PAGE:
An individual flower shares its name with other plants which look the same, the species. A species is a group of plants which share the same characteristics and can breed with each other to produce offspring with the same traits; a genus is a group of plants which share similar attributes, they are not the same but are closely related. The scientific name has two parts, a species name which follows the genus name.


A common daisy is called Bellis perennis and a wood daisy  Bellis sylvestris.

Bellis is the genus name, perennis and sylvestris are species names.


Some genera are small and may contain only one species; the judas tree (Ceratonia siliqua), which is familiar on Skopelos as a beautiful tree with purple flowers and interesting seed pods, is the only species of the Ceratonia genus. Other genera have many species; the Silene genus has more than 900 species worldwide, with over 100 in Greece and at least ten different silenes on Skopelos.


There are hundreds of thousands of plant species in the world; a recent estimate totalled 391,000 and there are thousands of genera. These are further grouped into families, which have many similarities and genetic profiles; as with any living thing,  plants of the same family share the same ancestry. The scientific names of plant familes all end with -acae, e.g. Orchidaceae, the orchid family, which is the most populous family worldwide; followed by the daisy family (Asteraceae). Other important families on Skopelos include: the pea family (Fabaceae), the carrot or parsley family (Apiaceae) and the mint family (Lamiaceae).


For the amateur botanists amongst you, the relationship of some of the flowers found on Skopelos is shown in the


Plant Family Tree


and for a full list of families found on Skopelos go to the Family Index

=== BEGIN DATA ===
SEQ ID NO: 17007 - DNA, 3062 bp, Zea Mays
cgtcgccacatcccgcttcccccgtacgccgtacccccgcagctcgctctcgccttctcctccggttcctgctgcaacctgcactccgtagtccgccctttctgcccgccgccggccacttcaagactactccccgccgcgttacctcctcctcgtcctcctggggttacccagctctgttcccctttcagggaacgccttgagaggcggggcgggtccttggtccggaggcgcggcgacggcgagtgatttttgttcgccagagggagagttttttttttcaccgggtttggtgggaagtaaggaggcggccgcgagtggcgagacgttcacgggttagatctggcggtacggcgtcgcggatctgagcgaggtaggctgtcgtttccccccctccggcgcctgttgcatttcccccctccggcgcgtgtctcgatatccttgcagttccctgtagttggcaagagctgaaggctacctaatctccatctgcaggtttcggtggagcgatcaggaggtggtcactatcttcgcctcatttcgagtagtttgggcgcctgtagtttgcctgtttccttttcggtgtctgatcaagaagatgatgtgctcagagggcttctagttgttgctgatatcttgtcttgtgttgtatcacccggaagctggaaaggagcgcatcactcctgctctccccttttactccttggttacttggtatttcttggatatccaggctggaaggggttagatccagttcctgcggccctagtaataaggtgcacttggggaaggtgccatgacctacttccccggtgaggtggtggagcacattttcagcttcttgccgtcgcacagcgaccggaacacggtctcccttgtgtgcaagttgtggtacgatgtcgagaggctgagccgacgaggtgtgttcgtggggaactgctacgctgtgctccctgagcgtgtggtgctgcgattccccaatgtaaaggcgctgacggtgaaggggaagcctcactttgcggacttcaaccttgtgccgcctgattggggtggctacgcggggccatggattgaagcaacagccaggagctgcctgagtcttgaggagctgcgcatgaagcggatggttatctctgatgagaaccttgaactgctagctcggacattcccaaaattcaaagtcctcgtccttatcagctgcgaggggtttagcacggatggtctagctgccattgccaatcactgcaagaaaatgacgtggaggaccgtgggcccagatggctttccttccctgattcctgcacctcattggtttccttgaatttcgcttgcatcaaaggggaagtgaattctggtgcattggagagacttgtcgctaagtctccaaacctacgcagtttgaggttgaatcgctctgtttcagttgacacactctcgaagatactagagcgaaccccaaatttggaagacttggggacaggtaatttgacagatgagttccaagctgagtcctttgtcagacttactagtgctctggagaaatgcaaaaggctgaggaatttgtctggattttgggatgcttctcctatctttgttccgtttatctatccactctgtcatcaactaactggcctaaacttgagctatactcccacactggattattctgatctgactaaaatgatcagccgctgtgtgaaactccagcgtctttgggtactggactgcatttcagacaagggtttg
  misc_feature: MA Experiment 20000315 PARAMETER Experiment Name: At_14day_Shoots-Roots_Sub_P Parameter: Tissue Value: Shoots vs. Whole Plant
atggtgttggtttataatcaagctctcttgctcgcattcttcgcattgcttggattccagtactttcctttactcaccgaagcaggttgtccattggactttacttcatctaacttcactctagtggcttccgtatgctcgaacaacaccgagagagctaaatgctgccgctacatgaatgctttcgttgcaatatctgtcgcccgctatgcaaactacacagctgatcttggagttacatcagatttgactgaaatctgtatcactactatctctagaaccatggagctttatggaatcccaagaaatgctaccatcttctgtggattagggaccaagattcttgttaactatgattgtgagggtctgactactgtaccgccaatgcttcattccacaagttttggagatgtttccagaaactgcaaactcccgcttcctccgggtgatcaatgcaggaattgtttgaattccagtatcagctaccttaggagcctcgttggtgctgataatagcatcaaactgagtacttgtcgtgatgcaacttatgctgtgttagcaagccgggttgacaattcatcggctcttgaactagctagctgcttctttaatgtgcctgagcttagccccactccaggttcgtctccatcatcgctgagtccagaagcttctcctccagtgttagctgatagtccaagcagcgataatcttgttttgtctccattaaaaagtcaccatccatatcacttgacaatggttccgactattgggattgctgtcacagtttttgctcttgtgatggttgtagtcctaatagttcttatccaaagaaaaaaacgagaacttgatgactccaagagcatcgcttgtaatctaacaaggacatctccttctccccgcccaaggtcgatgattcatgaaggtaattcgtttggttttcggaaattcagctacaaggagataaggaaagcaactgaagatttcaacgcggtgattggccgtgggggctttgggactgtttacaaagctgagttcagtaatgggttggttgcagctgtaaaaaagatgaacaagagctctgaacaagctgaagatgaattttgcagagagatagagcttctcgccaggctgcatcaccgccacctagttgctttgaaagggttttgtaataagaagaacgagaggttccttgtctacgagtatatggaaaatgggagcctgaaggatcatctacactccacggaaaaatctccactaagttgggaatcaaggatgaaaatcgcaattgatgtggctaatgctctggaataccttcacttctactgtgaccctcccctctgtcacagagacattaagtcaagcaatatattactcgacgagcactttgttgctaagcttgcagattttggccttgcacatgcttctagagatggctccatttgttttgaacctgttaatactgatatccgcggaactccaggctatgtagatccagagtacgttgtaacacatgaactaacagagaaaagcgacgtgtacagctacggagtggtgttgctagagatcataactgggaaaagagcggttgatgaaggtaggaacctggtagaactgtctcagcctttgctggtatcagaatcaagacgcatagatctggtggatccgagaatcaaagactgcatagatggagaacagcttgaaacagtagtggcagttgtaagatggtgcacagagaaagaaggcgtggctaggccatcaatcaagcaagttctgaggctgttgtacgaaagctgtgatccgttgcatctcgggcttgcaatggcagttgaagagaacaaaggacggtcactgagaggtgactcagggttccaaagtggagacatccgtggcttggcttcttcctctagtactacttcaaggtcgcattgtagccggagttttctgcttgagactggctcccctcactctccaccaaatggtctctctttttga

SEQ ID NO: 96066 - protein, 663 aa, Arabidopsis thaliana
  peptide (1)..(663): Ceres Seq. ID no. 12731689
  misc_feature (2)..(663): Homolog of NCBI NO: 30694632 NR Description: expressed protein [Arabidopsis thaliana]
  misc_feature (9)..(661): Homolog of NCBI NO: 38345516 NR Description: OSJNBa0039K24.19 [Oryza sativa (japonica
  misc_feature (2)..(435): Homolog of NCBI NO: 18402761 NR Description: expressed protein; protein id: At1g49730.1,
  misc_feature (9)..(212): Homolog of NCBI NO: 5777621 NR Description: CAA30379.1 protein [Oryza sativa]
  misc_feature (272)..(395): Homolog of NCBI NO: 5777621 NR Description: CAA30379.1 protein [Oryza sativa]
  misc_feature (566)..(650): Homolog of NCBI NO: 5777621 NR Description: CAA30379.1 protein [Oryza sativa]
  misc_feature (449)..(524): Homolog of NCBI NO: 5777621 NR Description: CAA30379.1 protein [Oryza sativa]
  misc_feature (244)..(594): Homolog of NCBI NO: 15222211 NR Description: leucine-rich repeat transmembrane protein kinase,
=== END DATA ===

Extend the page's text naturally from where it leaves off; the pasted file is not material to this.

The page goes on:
or just enjoy looking at the flowers listed by colour.




For more on naming of flowers go to the About page.

 

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Now more than 300 flowers and trees

The Wildflowers of Skopelos is for those who love the island of Skopelos and the wildflowers of Greece.

There are now over 300 flowers and trees and also information on the island, its floral landscape, geology, climate, and ecological habitats.

*The Colours of Skopelos

30 Jan 2021

*The title of this blog has been borrowed from the ceramic workshop of the same name where Elizabeth McGhie makes beautiful pottery reflecting The Colours of Skopelos...


  1. *



With its extensive pine forest, the dominant colour of Skopelos is of course green and it is often referred to as the Green on Blue Island. In springtime, however,  the island is scattered with flowers of many colours, as if Iris, the messenger of the gods and  the goddess of the rainbow, had flown over the island and sprinkled it with drops coloured rain.

The main function of coloured flower petals is to attract pollinating insects; the petals act as banners, their colours ensuring that they stand out against the background of green, brown and grey. Although beautiful to the human eye, the flowers are seen very differently by insects their compound eyes perceive light from the blue-violet and ultra-violet end of the spectrum and some which look dull to us are bright to the insect eye. The coloured petals attract from a distance and markings on the petals, often invisible to humans, lead them to the pollen at the centre of the flower.